As far as web surfing, it is indeed a pleasure. The mouse pad is really nice. I thought I would have to use my mini-mouse that I used with my old netbook, but the trackpad is responsive and the two finger touch to bring up a context menu is great.
    I really have no complaints about the machine. My only difficulty is leaving Excel for Sheets and One Note for Evernote. It can be done, but it is going to have to take more than a couple of months for me to become comfortable with those two other elements.

  9. Bill
    February 7, 2014 at 9:25 pm

    My house has 2 C710's that are used daily by my wife 46 and my daughter 8. I use a desktop PC and me and the wife did a test. we started the systems at the same time, my wife logged in, transferred funds to my account at our bank website, checked her email, fired up music (Pandora I think) and started some pet saga game BEFORE i was even ready to start opening a browser to check my emails. Yeah there are some advantages to a chromebook. As for "it does have Office" or "Adobe Photoshop" that is a copout 99% of us NEVER use Adobe and everything you can do with office I have done with Google docs.

  10. Doug
    February 7, 2014 at 8:11 pm

    I wish I could get a Chromebook. I have played with them at stores and so far love them. someday I'll get one and by then something new will come along

  11. Paul
    February 7, 2014 at 6:51 pm

    I'm very pleased with my HP14 Chromebook. Very portable, as fast as a tablet to get started, great for web browsing, good keyboard and for my web-based activities (most of what I do) it's great. Wouldn't work as a desktop or traditional laptop replacement, but that's not what it's aimed at... think about what you want your machine to do and for many people a Chromebook would be just fine.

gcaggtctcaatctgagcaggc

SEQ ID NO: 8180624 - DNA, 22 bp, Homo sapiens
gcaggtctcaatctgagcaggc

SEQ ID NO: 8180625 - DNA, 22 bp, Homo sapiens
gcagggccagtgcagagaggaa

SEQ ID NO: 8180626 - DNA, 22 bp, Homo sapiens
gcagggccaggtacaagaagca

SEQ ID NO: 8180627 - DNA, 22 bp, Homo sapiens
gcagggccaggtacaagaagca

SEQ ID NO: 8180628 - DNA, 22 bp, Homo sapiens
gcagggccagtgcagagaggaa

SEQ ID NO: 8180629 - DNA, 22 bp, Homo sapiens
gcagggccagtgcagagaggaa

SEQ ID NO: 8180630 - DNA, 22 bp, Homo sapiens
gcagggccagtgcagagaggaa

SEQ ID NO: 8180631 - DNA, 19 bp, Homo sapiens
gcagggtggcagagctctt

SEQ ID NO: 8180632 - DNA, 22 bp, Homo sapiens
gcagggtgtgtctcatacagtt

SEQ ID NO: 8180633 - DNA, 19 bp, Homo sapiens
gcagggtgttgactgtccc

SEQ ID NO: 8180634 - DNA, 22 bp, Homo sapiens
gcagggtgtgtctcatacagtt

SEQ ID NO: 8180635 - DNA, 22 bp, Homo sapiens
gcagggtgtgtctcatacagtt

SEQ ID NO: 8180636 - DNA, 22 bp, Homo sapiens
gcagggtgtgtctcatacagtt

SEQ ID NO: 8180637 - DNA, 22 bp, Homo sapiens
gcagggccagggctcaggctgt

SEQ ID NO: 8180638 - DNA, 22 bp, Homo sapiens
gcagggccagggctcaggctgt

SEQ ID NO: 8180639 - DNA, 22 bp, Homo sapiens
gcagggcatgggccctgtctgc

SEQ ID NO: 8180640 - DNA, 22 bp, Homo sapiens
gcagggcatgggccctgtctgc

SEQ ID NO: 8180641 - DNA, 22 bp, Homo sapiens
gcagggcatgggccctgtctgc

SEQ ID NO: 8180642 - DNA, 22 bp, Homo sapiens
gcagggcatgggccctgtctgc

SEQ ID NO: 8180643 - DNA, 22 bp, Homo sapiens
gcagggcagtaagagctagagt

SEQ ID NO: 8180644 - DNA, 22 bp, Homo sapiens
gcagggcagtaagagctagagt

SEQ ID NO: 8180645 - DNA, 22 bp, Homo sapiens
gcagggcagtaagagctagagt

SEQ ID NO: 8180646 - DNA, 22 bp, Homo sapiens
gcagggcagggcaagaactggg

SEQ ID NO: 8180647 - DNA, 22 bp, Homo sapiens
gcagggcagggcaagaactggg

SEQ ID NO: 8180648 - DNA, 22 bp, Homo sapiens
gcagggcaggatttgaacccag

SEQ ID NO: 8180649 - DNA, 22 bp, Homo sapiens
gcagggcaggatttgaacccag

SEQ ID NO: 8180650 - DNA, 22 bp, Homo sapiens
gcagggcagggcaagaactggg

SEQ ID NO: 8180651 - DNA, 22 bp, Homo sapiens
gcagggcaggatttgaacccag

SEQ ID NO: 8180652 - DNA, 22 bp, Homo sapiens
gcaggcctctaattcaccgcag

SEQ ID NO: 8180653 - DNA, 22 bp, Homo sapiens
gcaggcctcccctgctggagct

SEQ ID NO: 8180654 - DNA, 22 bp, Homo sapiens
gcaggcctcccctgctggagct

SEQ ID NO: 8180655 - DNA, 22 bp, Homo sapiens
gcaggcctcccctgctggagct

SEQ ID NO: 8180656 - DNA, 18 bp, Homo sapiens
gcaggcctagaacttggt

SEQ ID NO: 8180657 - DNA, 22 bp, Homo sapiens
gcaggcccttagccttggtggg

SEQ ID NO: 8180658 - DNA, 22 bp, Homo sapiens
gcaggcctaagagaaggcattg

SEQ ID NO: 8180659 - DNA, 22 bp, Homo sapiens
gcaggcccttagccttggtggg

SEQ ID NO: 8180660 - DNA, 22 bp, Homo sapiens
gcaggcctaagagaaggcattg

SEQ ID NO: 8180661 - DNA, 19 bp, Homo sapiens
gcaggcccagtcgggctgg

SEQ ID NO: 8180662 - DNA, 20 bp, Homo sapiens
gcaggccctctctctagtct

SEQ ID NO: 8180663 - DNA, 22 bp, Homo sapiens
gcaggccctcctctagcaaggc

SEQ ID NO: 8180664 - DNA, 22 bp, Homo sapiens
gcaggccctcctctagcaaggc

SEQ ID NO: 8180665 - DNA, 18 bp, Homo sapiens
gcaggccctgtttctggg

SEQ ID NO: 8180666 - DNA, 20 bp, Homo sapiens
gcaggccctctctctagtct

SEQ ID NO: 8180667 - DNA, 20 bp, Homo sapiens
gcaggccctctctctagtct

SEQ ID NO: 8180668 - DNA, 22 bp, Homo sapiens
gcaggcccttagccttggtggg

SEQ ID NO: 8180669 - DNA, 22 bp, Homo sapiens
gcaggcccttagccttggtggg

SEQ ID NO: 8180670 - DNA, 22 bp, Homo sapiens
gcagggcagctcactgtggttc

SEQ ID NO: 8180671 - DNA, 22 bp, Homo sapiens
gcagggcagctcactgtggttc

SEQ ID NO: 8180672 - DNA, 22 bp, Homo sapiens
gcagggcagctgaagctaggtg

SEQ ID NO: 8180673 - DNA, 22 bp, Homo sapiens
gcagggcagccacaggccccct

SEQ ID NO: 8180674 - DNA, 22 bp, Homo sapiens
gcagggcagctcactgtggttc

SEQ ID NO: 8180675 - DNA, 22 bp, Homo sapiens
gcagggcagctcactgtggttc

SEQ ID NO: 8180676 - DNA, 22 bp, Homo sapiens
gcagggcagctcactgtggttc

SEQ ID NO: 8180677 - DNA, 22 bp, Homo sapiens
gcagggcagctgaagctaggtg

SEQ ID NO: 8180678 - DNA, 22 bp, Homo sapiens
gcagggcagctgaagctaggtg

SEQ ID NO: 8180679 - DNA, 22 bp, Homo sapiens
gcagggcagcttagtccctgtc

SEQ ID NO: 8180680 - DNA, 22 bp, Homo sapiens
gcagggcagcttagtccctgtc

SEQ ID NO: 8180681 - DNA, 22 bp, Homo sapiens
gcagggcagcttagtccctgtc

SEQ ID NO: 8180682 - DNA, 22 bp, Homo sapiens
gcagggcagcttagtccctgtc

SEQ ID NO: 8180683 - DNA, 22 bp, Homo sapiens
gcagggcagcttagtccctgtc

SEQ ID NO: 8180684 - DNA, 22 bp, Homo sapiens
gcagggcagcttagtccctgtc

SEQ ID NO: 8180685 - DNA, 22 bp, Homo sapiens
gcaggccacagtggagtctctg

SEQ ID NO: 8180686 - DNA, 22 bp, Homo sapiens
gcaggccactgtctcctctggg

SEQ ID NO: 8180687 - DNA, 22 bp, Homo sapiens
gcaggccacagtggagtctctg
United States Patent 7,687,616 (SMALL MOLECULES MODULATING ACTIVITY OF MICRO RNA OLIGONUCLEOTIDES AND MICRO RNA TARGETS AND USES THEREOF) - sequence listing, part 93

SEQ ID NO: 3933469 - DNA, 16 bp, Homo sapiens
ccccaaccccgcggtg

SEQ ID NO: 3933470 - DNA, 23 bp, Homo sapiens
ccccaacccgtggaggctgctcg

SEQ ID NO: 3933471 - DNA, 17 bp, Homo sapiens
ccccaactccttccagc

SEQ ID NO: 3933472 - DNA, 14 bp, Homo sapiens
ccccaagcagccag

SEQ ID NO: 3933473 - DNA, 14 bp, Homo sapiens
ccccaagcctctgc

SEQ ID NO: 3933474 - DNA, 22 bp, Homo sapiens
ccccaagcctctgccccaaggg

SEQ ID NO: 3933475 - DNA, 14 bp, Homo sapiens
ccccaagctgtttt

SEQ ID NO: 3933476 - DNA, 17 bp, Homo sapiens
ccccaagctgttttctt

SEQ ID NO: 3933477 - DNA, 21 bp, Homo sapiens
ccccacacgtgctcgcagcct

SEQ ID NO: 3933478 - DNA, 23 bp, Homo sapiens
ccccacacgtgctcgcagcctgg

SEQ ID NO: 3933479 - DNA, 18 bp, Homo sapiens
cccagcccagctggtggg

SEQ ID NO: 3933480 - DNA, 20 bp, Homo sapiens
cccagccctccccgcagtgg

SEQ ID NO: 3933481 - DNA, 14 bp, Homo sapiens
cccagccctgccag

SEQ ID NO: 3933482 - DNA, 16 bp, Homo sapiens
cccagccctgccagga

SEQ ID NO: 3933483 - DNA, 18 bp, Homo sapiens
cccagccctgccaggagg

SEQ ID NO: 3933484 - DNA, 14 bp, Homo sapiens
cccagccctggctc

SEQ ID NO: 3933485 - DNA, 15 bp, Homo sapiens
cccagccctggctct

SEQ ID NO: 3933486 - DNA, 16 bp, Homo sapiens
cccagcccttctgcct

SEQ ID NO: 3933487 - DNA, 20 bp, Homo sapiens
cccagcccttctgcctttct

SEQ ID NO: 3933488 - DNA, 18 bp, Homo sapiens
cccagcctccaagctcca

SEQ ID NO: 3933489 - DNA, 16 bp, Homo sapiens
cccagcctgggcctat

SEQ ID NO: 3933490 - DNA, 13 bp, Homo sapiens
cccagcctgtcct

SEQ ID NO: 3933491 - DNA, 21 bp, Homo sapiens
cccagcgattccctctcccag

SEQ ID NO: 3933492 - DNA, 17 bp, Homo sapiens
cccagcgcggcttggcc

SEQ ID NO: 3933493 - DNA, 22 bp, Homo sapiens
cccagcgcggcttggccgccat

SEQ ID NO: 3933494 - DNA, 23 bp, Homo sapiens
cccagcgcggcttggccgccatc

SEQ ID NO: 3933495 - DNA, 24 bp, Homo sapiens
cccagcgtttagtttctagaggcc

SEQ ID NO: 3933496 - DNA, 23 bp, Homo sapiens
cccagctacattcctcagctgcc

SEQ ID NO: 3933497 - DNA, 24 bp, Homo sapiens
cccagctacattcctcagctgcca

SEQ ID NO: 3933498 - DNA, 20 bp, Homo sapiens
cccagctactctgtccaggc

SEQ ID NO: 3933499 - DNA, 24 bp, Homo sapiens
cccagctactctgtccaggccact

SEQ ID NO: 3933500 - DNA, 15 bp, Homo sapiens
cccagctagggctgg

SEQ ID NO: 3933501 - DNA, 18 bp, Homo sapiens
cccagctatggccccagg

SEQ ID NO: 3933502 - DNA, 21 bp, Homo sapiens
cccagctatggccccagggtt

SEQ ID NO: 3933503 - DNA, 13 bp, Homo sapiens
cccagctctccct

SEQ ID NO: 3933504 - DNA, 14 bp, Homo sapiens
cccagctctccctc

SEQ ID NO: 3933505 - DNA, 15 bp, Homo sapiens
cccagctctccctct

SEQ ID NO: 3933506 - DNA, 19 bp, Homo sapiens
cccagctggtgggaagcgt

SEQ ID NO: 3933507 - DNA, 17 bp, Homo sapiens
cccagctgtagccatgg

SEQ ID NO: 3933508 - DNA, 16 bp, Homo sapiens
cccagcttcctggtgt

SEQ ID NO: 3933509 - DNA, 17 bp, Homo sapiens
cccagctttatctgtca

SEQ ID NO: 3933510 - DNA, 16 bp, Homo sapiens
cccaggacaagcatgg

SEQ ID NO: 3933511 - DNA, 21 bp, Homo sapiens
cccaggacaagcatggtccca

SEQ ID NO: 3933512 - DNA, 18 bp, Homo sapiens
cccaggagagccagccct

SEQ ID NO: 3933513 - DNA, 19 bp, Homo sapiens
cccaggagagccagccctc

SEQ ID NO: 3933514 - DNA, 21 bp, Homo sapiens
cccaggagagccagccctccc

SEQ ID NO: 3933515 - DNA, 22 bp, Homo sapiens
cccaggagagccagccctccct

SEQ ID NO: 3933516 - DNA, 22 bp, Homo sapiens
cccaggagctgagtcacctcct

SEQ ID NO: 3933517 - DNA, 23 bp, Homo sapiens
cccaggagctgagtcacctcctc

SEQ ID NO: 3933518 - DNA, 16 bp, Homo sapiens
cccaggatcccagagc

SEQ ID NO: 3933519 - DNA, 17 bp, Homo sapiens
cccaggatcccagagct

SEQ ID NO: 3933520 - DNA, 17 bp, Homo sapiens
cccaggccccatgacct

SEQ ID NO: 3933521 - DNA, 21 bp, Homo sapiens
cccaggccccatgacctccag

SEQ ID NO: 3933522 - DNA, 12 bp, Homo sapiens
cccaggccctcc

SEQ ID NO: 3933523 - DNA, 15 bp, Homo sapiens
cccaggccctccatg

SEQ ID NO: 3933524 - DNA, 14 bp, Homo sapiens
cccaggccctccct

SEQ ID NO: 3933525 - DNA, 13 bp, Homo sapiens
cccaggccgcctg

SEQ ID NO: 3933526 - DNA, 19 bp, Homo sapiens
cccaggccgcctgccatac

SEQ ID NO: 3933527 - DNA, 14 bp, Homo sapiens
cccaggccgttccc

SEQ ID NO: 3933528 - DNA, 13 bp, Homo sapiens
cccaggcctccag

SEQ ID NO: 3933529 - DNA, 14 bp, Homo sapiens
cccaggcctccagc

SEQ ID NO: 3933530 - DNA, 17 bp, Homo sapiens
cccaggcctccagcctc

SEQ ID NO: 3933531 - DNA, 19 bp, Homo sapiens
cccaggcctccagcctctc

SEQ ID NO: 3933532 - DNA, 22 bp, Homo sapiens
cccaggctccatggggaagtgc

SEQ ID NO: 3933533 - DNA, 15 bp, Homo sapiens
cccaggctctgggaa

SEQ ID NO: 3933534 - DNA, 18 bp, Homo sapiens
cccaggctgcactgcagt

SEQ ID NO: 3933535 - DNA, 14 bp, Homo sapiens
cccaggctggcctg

12. Birrell Walsh
    February 7, 2014 at 6:04 pm

    I bought an Acer c720 after long thought. I got the 32 GB version so I would have room for linux.

    The chromebook and chrome os are simple, reliable and more than adequate for 95% of what I do. It can be a pain to be away from wifi, but I rarely am. The chromebook boots quickly and it is wonderfully light. No remorse.

    Linux, now - this is my first experience trying linux for actual use. Crouton works well. The problem is that linux itself is an ikea of operating systems - you get a kit, and instructions in a difficult language. It took me ten days to get skype working. And - I did.

  13. starwilson
    February 7, 2014 at 5:57 pm

    I've taken both my MacBookPro (with Windows 7 and Mavericks), my Chromebook, and an iPad on two recent trips. I never turned the MBP on and only used the iPad to look up a few directions.

    Switched my husband over to a Chromebox 2 1/2 years ago and never looked back. Can't wait for LG's Chromebase!

    Is Chromebook a directly replacement for a Windows or Mac computer - no, but neither is an iPad. And half the people I deal with (retirees) buy a keyboard for their iPads. Hello? Chromebook :)

  14. Christine Fuentes
    February 7, 2014 at 5:41 pm

    I've had my Chromebook for more than a year and find it invaluable. The instantaneous bootup, the portability and the usefulness both in and out of the U.S. - priceless! Google Docs and Google Drive are both fine and I bring a flashdrive to access business files for work on the go. Of course it's no substitute for a laptop - nor is it intended to be. Frankly, I think more people would be happier with Chromebook than with their pricey, prestigious tablets.

  15. James B
    February 7, 2014 at 4:26 pm

    I completely agree with a Chromebook being a suitable replacement for a Windows 8 device of any kind - but thats not saying an awful lot ;)

  16. Tinkicker
    February 7, 2014 at 5:12 am

    Or the Son of a Gates' don't mind being tied into Microsoft? Google is no worse than M$ or Apple or Charmin or Pepsi or whatever the brand of the moment is. People like what they like. You do. I do. Big deal.

  17. dragonmouth
    February 6, 2014 at 8:59 pm